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SEM Account Reps

Who’s Your Rep?

Sometimes titles matter. We’ve recently changed the titles of our client-facing folks from “Account Managers” to “Analyst” to reflect what we feel is an important distinction: namely, who’s crunching the numbers?

For a number of search marketing agencies the Account Manager is little more than a functionary in a call center. They’re great on the phone, they’re comfortable with industry speak, but they rely on data generated by others, don’t do the ad hoc analyses, and don’t really know the technology “down to the bottom”. There are sharp analysts in the back room somewhere, but the client doesn’t get to have their phone numbers.

We opted to hire Analysts who could do everything: they have to be good on the phone, be great copy writers, and be sensitive to corporate politics. They also have to be terrific with numbers, spreadsheets and database analysis. Many of our internal user interfaces look a lot like a SQL query window. Finding folks who are highly gifted in both left and right brain functions is hard, but we think the benefits of having the client facing person also be the analytical wonk is worth the effort.

It would be much simpler to hire a bunch of good phone folks and a handful of good analysts, but we believe the analysis suffers when the analysts lack direct contact with the retailer and don’t have the full context of the accounts in mind.

Advantages to this approach:

1. Speed: response times are quicker because you’re talking to the analyst who’s doing the data dive.
2. Quality: the quality of the analysis is better because the analyst has deep familiarity with the account, the seasons, the offers, the strategies, the goals, etc.
3. Results: the management is better because the person “flying the plane” really knows how to fly and how all the pieces fit together, they’re not being coached by the control tower on how to land a plane.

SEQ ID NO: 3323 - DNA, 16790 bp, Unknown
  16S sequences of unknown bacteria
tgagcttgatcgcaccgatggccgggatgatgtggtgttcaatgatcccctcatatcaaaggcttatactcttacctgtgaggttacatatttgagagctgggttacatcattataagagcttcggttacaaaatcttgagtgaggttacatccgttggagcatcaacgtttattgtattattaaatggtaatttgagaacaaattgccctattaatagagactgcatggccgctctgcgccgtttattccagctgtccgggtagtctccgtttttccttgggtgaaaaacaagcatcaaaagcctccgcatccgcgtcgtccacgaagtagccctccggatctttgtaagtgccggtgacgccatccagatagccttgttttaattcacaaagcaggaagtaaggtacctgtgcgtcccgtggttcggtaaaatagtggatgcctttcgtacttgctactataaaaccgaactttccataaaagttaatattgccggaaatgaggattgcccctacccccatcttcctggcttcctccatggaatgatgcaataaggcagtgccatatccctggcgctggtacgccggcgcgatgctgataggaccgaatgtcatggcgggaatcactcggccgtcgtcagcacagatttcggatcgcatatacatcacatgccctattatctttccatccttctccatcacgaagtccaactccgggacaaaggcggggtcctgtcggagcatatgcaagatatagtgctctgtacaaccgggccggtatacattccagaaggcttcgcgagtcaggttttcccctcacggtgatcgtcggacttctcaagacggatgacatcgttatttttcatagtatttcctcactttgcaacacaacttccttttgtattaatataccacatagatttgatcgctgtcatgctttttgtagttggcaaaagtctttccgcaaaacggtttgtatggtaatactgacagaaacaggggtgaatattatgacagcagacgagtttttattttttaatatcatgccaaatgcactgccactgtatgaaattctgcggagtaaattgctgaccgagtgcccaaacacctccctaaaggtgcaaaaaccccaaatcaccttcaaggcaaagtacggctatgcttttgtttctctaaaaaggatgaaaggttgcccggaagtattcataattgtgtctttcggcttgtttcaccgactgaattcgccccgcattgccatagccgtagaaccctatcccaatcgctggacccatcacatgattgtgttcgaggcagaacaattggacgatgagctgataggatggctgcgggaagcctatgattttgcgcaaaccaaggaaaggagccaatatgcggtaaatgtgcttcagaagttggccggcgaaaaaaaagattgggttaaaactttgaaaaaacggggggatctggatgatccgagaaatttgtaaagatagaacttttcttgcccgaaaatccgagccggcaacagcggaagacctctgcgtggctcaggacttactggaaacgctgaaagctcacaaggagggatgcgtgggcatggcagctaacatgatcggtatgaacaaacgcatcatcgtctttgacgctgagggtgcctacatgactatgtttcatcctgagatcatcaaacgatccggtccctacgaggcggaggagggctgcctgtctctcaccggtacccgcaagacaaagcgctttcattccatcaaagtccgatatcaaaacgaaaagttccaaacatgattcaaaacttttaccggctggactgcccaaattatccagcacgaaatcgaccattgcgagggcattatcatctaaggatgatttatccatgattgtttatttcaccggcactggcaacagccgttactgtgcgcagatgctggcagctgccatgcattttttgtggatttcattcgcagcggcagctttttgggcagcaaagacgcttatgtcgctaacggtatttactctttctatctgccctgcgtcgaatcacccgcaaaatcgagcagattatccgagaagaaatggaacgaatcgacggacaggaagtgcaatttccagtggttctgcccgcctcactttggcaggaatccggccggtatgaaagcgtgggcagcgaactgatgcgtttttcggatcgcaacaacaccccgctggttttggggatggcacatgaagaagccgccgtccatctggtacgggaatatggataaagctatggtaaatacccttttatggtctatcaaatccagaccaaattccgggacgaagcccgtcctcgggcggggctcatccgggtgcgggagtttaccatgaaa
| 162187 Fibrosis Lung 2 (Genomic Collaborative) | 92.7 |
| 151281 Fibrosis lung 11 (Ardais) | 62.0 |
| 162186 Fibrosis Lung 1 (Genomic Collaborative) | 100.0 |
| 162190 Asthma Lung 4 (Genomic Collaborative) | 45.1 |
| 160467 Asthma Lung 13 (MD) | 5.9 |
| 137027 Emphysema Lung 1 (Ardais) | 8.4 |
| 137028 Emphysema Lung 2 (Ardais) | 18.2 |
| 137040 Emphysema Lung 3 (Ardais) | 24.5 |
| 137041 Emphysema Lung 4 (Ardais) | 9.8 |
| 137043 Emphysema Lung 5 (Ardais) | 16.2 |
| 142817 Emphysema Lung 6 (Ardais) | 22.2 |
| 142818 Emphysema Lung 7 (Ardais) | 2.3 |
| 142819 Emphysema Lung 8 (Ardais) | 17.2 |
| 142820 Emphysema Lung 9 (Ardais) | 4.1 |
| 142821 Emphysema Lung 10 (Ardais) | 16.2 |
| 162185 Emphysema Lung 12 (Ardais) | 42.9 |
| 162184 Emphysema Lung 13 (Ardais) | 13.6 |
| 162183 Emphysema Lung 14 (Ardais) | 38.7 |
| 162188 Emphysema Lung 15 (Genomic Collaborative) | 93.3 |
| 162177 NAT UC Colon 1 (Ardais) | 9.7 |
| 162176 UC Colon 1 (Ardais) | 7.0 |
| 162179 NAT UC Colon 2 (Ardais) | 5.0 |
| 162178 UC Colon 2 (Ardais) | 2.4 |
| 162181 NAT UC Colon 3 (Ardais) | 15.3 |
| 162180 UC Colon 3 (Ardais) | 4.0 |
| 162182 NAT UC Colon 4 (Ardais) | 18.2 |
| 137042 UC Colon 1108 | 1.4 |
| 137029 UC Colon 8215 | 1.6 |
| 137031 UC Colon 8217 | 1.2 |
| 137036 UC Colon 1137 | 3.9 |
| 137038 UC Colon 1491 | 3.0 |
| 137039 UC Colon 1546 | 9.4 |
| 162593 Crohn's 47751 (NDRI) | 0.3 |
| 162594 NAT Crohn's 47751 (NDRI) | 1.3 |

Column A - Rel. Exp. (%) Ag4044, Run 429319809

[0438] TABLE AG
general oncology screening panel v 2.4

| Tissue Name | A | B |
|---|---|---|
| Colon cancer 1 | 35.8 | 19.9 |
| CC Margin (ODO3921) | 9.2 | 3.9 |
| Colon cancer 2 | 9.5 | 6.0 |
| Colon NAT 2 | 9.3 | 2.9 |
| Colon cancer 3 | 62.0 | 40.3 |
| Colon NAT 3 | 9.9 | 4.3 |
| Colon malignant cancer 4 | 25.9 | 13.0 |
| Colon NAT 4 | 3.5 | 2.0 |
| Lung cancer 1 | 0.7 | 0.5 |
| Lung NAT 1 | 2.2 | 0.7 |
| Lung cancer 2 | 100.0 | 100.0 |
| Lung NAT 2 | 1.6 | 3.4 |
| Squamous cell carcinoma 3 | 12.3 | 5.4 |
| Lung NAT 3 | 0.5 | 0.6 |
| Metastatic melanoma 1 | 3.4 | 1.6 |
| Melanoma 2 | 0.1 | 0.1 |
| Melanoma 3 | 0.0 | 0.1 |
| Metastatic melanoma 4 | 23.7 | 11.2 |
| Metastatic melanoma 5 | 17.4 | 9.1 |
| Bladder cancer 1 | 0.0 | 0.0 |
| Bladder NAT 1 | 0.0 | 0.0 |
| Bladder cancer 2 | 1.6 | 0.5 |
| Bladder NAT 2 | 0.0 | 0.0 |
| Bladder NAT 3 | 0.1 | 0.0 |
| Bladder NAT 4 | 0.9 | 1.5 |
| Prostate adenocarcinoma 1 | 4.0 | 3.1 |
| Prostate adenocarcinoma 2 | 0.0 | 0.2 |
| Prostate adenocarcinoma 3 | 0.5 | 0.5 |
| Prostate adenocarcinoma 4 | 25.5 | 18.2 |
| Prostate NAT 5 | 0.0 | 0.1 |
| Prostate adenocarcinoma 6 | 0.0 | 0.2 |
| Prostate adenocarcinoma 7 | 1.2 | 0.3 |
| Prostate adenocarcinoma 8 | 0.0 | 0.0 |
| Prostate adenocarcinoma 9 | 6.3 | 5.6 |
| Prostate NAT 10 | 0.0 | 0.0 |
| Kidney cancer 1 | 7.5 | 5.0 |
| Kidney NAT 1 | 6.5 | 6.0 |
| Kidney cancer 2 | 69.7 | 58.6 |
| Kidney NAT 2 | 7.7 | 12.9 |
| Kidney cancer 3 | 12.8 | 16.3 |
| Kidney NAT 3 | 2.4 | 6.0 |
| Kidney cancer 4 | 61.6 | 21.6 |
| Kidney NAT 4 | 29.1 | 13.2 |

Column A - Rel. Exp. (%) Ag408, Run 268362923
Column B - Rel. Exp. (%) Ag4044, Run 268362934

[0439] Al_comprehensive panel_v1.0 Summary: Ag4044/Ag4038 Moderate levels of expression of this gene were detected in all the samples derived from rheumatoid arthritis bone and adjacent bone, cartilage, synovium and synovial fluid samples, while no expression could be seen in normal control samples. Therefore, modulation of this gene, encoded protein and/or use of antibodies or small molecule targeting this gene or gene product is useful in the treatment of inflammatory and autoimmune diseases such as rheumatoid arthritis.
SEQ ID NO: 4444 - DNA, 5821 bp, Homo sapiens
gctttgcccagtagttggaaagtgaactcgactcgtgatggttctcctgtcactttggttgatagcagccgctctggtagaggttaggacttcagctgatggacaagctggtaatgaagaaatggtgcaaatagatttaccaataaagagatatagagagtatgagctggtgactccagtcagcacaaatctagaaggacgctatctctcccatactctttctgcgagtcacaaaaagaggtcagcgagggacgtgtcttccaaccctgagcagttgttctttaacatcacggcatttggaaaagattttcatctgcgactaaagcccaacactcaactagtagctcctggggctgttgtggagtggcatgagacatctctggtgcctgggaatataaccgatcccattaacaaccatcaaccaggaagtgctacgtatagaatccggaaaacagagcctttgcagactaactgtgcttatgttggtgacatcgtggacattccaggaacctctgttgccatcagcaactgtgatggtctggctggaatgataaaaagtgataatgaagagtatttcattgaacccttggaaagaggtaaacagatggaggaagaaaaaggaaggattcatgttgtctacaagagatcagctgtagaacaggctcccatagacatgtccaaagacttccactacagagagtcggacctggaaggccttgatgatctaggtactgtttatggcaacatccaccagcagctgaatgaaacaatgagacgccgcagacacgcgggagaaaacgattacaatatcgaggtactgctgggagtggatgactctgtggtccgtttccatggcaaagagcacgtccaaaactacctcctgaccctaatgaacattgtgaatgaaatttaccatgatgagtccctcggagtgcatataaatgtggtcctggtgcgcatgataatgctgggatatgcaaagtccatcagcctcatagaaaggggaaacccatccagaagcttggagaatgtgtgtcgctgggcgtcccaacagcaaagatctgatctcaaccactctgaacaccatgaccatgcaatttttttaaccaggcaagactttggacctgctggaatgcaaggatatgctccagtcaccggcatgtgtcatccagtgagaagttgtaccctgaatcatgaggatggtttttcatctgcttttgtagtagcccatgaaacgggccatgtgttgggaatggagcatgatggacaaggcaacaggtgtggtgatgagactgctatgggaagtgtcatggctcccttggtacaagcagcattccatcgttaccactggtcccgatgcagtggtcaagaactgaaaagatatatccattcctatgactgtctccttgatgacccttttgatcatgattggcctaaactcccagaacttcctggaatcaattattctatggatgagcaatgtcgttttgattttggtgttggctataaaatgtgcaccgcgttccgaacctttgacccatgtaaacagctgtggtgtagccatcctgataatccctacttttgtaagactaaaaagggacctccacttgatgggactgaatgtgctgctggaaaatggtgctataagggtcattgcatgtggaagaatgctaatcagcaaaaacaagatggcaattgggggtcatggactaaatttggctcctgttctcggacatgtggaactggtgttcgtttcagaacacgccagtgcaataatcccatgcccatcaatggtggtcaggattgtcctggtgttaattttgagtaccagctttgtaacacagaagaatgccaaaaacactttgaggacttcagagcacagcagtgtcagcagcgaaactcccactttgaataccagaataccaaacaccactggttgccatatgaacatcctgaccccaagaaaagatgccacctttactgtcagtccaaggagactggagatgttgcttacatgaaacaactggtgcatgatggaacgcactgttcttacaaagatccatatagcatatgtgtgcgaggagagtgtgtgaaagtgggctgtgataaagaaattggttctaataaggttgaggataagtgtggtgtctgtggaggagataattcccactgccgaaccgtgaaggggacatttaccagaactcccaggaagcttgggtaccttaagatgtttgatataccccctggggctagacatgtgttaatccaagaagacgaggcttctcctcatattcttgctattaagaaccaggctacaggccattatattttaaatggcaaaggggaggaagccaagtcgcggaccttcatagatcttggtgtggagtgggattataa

Drawbacks to this approach:

1. It’s tough for us to hire analysts, hence we can only grow the business as fast as we can find top quality people.
2. As an agency, we can’t provide 24 hour a-day phone coverage. Finding folks with that skill set who are willing to work the night shift appears to be impossible, and the ubiquitous international call center is not an option.

We think the advantages far outweigh the disadvantages, however, for folks who need 24/7 coverage, our model doesn’t work.

The moral of the story is: the choices your search agency makes in this regard impact your account and ultimately your results. Look at the job descriptions on their website. You can learn a great deal about who you’re working with by who they’re trying to hire.

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Comments
2 Responses to “SEM Account Reps”
  1. EricL says:

    Interesting comments. As co-founder and VP of client operations of an SEM agency we’re faced with the same challenges. Though we call them “client managers,” these staffers are responsible for the relationship as well as the analysis & strategy of client programs.

    Finding quality people with both the left and right brain skills is a challenge. We’ve had success finding folks in agencies who want out and teach them search.

    We do have a separate team of individual specialist who focus on landing page optimization, analytics, test methodologies, etc but they too interface with clients. But they don’t “own” the relationship.

  2. Thanks for the feedback, Eric.

    We truly believe hiring is the most important thing we do. Client retention, new client acquisition and profitability all flow from having top-notch people providing great results.

    Great technology is a necessity, too, but that’s a product of having smart marketers, statisticians and cracker-jack IT folks in house to build a flexibile, intelligent system. Again, a function of hiring well.

    Good luck to you, sir!